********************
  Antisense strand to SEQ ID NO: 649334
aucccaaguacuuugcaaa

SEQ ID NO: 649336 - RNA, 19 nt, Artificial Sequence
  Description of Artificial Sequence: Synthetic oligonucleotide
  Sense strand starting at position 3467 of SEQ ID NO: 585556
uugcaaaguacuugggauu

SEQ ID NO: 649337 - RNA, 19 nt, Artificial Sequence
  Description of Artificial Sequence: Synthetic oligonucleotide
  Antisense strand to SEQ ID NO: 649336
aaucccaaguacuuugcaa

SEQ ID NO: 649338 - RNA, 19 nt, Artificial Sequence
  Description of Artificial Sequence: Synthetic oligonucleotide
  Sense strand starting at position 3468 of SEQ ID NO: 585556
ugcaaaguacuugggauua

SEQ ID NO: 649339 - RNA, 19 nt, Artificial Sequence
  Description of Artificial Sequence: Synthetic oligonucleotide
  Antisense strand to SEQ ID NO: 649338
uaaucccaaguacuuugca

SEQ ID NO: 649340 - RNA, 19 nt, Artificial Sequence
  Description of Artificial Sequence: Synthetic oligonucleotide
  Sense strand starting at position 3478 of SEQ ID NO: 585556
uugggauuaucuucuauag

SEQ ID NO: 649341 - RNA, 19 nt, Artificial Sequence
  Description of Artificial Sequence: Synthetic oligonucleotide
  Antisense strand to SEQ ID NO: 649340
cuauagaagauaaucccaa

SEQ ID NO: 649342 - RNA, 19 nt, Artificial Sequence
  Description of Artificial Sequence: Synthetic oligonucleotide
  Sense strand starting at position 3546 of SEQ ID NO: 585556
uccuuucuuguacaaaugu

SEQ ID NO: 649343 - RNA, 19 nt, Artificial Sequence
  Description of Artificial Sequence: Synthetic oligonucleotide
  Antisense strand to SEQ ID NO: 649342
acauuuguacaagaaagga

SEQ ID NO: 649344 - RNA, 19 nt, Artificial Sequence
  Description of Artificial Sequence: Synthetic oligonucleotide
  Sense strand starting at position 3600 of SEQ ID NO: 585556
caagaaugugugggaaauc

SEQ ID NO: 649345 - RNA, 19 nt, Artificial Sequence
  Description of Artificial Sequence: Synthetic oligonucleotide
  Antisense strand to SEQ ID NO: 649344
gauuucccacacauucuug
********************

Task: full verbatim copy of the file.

  Antisense strand to SEQ ID NO: 649334
aucccaaguacuuugcaaa

SEQ ID NO: 649336 - RNA, 19 nt, Artificial Sequence
  Description of Artificial Sequence: Synthetic oligonucleotide
  Sense strand starting at position 3467 of SEQ ID NO: 585556
uugcaaaguacuugggauu

SEQ ID NO: 649337 - RNA, 19 nt, Artificial Sequence
  Description of Artificial Sequence: Synthetic oligonucleotide
  Antisense strand to SEQ ID NO: 649336
aaucccaaguacuuugcaa

SEQ ID NO: 649338 - RNA, 19 nt, Artificial Sequence
  Description of Artificial Sequence: Synthetic oligonucleotide
  Sense strand starting at position 3468 of SEQ ID NO: 585556
ugcaaaguacuugggauua

SEQ ID NO: 649339 - RNA, 19 nt, Artificial Sequence
  Description of Artificial Sequence: Synthetic oligonucleotide
  Antisense strand to SEQ ID NO: 649338
uaaucccaaguacuuugca

SEQ ID NO: 649340 - RNA, 19 nt, Artificial Sequence
  Description of Artificial Sequence: Synthetic oligonucleotide
  Sense strand starting at position 3478 of SEQ ID NO: 585556
uugggauuaucuucuauag

SEQ ID NO: 649341 - RNA, 19 nt, Artificial Sequence
  Description of Artificial Sequence: Synthetic oligonucleotide
  Antisense strand to SEQ ID NO: 649340
cuauagaagauaaucccaa

SEQ ID NO: 649342 - RNA, 19 nt, Artificial Sequence
  Description of Artificial Sequence: Synthetic oligonucleotide
  Sense strand starting at position 3546 of SEQ ID NO: 585556
uccuuucuuguacaaaugu

SEQ ID NO: 649343 - RNA, 19 nt, Artificial Sequence
  Description of Artificial Sequence: Synthetic oligonucleotide
  Antisense strand to SEQ ID NO: 649342
acauuuguacaagaaagga

SEQ ID NO: 649344 - RNA, 19 nt, Artificial Sequence
  Description of Artificial Sequence: Synthetic oligonucleotide
  Sense strand starting at position 3600 of SEQ ID NO: 585556
caagaaugugugggaaauc

SEQ ID NO: 649345 - RNA, 19 nt, Artificial Sequence
  Description of Artificial Sequence: Synthetic oligonucleotide
  Antisense strand to SEQ ID NO: 649344
gauuucccacacauucuug